Grade-II* listed church St John the Baptist has been awarded funding for repairs

Date published: 19 September 2020

Grade-II* listed church St John the Baptist has been awarded a development phase grant by the National Lottery, to undertake much-needed repairs.

The unique design of the church has created many problems with water ingress within the 20m golden dome, constructed in the manner of Istanbul’s Hagia Sophia. The mosaics located within the sanctuary wall are also threatened, as repairs can only be carried out as and when there is sufficient funding available.

Designed by Eric Newton, son of Ludwig Oppenheimer and Edith Newton, the sanctuary mosaic uses high quality tesserae made of stone, coloured marbles and coloured glass – set off by a shimmering background of gold tesserae.

The sanctuary mosaic cost £4,000 and was completed on 31 October 1933. The central figure being that of Christ the King, a feast day established by Pope Pius XI, his Papal Coat of Arms and the Coat of Arms of Bishop Henshaw are on the side walls.

Oppenheimer scholars believe the centrepiece mosaics are one of the best examples of his work.


St_John_the_Baptist_Roman_Catholic_Church_interior_Rochdale_by_Mike_Ber.._ (002).jpg
St John the Baptist Catholic Church. Photo: Mike Ber


The grant of £147,849 will allow repairs to be carried out before an application is made for round two funding. If successful, round two funding will allow the magnificent mosaics and dome of the Roman Catholic church to be restored and for a range of new activities to attract a wide audience from all backgrounds and cultures.

An update on the St John’s website reads: “Many people in Rochdale have lifelong links with the church. Being in an area which has long welcomed immigrants, St John's will welcome new visitors from all faiths and none to enjoy the unique heritage St John's has to offer.

“The heritage is important to those families who have had a link with St John's in any way over the past 200 years.  It is also important to historians and those interested in mosaic artwork and the unique architecture.

“Our project will ensure the Heritage of St John the Baptist Church is preserved for generations to come. Along with the newly formed Rochdale Heritage Action Zone, St John's will become a place of greater interest to Rochdale residents and visitors from afar.”



The parish leadership team established a ‘working group’ and a ‘steering group’ from its leadership team, appointing accredited conservation architect Chloe Granger, of Crosby Granger Partnership, to assess implementing the repairs and improvements alongside a team of specialists.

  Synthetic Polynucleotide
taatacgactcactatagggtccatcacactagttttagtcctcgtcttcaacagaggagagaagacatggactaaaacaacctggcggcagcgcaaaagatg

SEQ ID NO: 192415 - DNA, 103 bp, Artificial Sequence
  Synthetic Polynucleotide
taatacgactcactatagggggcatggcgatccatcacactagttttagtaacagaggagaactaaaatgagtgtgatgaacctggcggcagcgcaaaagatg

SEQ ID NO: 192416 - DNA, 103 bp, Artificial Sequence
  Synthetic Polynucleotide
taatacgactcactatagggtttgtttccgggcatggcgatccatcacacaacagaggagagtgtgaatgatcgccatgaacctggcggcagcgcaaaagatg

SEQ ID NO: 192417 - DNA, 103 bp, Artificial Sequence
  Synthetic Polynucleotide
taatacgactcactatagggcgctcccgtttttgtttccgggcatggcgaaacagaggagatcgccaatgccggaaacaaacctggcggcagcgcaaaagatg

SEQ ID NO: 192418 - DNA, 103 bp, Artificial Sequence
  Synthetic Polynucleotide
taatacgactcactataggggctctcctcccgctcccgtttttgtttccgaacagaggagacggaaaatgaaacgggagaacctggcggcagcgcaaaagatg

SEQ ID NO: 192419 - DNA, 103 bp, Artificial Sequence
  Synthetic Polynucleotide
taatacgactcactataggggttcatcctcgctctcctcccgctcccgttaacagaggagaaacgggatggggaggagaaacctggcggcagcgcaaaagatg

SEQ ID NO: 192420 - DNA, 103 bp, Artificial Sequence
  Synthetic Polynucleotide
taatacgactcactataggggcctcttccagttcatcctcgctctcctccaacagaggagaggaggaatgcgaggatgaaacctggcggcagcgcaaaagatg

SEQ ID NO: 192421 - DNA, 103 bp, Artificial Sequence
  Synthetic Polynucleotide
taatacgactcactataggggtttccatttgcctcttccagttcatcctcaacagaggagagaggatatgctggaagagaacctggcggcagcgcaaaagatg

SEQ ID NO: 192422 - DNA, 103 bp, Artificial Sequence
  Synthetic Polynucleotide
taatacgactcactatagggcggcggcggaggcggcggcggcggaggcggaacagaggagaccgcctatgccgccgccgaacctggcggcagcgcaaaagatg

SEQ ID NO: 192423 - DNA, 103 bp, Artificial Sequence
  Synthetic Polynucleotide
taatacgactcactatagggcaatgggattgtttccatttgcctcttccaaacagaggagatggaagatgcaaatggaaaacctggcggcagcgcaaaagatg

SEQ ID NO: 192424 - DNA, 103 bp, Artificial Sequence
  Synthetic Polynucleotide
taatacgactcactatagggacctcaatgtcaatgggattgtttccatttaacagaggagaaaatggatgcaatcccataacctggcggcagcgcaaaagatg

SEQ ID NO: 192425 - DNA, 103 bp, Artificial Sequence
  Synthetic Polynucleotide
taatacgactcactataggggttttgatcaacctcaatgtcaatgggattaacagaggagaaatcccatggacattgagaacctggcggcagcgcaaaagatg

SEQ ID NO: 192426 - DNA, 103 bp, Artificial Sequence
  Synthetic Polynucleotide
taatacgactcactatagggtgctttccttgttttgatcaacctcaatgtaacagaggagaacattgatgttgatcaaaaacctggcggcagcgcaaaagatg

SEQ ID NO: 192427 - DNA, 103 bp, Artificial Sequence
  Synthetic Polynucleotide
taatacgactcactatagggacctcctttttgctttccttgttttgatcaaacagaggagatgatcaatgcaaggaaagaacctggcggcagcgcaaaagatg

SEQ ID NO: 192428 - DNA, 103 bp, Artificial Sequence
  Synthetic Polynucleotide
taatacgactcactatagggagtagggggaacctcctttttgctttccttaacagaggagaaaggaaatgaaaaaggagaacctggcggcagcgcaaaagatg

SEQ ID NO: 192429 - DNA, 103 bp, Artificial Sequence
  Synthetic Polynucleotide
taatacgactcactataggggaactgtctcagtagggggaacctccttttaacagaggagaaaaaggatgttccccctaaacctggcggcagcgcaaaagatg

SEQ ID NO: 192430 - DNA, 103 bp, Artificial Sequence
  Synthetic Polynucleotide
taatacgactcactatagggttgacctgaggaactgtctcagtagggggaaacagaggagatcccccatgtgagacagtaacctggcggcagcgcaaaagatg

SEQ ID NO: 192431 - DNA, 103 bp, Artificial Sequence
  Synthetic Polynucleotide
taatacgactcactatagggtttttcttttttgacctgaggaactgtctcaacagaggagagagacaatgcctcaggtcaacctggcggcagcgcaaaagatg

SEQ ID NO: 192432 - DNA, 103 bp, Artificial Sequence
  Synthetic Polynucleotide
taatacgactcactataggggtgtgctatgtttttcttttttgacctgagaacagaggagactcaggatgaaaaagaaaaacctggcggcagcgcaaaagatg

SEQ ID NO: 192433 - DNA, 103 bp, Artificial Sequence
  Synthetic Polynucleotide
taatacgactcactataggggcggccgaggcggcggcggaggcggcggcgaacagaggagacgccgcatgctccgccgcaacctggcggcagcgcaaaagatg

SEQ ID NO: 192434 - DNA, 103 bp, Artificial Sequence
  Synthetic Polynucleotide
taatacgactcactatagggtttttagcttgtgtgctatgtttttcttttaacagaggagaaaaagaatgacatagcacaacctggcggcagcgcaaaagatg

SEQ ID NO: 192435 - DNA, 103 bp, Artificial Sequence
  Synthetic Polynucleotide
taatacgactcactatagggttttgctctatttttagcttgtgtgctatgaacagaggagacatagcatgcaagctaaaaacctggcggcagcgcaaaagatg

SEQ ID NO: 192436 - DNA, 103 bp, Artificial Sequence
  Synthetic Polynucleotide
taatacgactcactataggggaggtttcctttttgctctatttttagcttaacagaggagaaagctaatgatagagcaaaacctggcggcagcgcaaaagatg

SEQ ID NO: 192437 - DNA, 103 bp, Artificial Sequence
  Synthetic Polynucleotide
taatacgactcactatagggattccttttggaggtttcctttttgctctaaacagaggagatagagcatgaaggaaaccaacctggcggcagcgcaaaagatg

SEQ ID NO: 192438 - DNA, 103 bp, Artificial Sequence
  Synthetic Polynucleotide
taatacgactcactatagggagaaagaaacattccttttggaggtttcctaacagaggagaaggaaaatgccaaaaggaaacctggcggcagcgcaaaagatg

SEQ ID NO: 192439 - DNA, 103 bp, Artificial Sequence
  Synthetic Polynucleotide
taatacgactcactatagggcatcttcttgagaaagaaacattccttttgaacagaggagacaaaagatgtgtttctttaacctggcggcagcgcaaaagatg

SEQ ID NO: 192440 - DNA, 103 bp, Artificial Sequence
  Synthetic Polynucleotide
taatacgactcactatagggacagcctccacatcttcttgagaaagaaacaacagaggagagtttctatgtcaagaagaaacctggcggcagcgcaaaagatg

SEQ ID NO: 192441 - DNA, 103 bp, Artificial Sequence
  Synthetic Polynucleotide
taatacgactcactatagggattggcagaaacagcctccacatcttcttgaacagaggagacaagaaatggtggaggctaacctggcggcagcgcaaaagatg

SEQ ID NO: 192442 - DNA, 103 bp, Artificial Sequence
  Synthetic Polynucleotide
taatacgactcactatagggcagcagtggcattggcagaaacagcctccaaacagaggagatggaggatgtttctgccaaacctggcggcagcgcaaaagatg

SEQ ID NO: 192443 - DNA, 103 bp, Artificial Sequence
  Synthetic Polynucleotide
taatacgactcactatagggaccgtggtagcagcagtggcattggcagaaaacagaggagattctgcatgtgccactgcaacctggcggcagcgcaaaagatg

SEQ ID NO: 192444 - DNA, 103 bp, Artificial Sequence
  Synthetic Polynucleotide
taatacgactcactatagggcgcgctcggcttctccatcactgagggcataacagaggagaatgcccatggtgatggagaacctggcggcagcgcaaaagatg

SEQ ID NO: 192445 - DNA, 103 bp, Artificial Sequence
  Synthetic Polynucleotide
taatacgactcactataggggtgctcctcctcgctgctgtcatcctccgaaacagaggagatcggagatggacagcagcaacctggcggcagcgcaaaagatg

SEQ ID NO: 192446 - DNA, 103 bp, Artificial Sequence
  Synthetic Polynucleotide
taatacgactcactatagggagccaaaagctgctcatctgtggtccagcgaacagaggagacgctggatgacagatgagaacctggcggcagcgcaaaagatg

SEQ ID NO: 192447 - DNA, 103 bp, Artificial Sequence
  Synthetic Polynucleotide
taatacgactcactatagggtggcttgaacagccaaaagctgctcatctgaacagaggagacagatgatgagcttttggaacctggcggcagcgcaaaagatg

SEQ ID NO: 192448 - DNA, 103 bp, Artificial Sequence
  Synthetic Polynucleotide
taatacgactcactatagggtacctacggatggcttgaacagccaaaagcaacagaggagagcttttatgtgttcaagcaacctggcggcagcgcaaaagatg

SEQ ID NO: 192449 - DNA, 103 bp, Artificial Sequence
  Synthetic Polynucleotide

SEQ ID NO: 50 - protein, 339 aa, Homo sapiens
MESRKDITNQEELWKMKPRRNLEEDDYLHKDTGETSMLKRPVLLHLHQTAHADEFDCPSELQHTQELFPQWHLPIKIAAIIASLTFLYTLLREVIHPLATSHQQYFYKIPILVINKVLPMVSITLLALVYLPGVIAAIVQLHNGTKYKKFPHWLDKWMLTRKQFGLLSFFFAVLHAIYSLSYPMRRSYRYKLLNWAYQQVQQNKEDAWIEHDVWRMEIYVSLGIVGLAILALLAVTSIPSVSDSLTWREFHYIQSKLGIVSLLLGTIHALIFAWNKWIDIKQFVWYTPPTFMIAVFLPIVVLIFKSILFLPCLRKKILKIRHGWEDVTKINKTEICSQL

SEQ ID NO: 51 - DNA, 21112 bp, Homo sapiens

The update continues, outlining plans: “The restored church building and new activities will be regularly accessible and promoted through our new interactive website which will also host our oral histories project. Heritage signage will welcome visitors.

“The 200-year history of the church community will be researched and celebrated through a project with the local community and Manchester University. Regular mosaic classes will help the community appreciate the beauty and skill within the church’s mosaics. Our nature outcome will be developed and maintained alongside our primary schools and local community, utilising the church and school grounds. Volunteers from a range of backgrounds will receive training to enable the new activities to be successful. Apprenticeships will be written into the procurement processes for the builders restoring the church.”

An integral part of the Rochdale Heritage Action Zone, the landmark church – placed on Historic England’s ‘Heritage at Risk’ register in 2018 – has been identified as the ‘gateway’ to the town’s Heritage Trail, which will lead from the adjoining railway station and Metrolink transport hub and continue on to the town hall.

Built between 1923-25, the current church of St John the Baptist is a Grade II* listed building, upgraded in 2015 due to the importance and quality of the mosaics. The first church on the Dowling Street site was opened in 1829, with the present church being completed in 1925.

The church was considered to be a notable Byzantine design which merited listing in its own right, but the quality of its mosaic decoration justified its upgrading to II*. 

The update concludes: “While the impact of the renewed St John's will be dramatic, both externally and internally, the specific activities we are proposing will help the visitor more fully appreciate the richness of the heritage of the church.”

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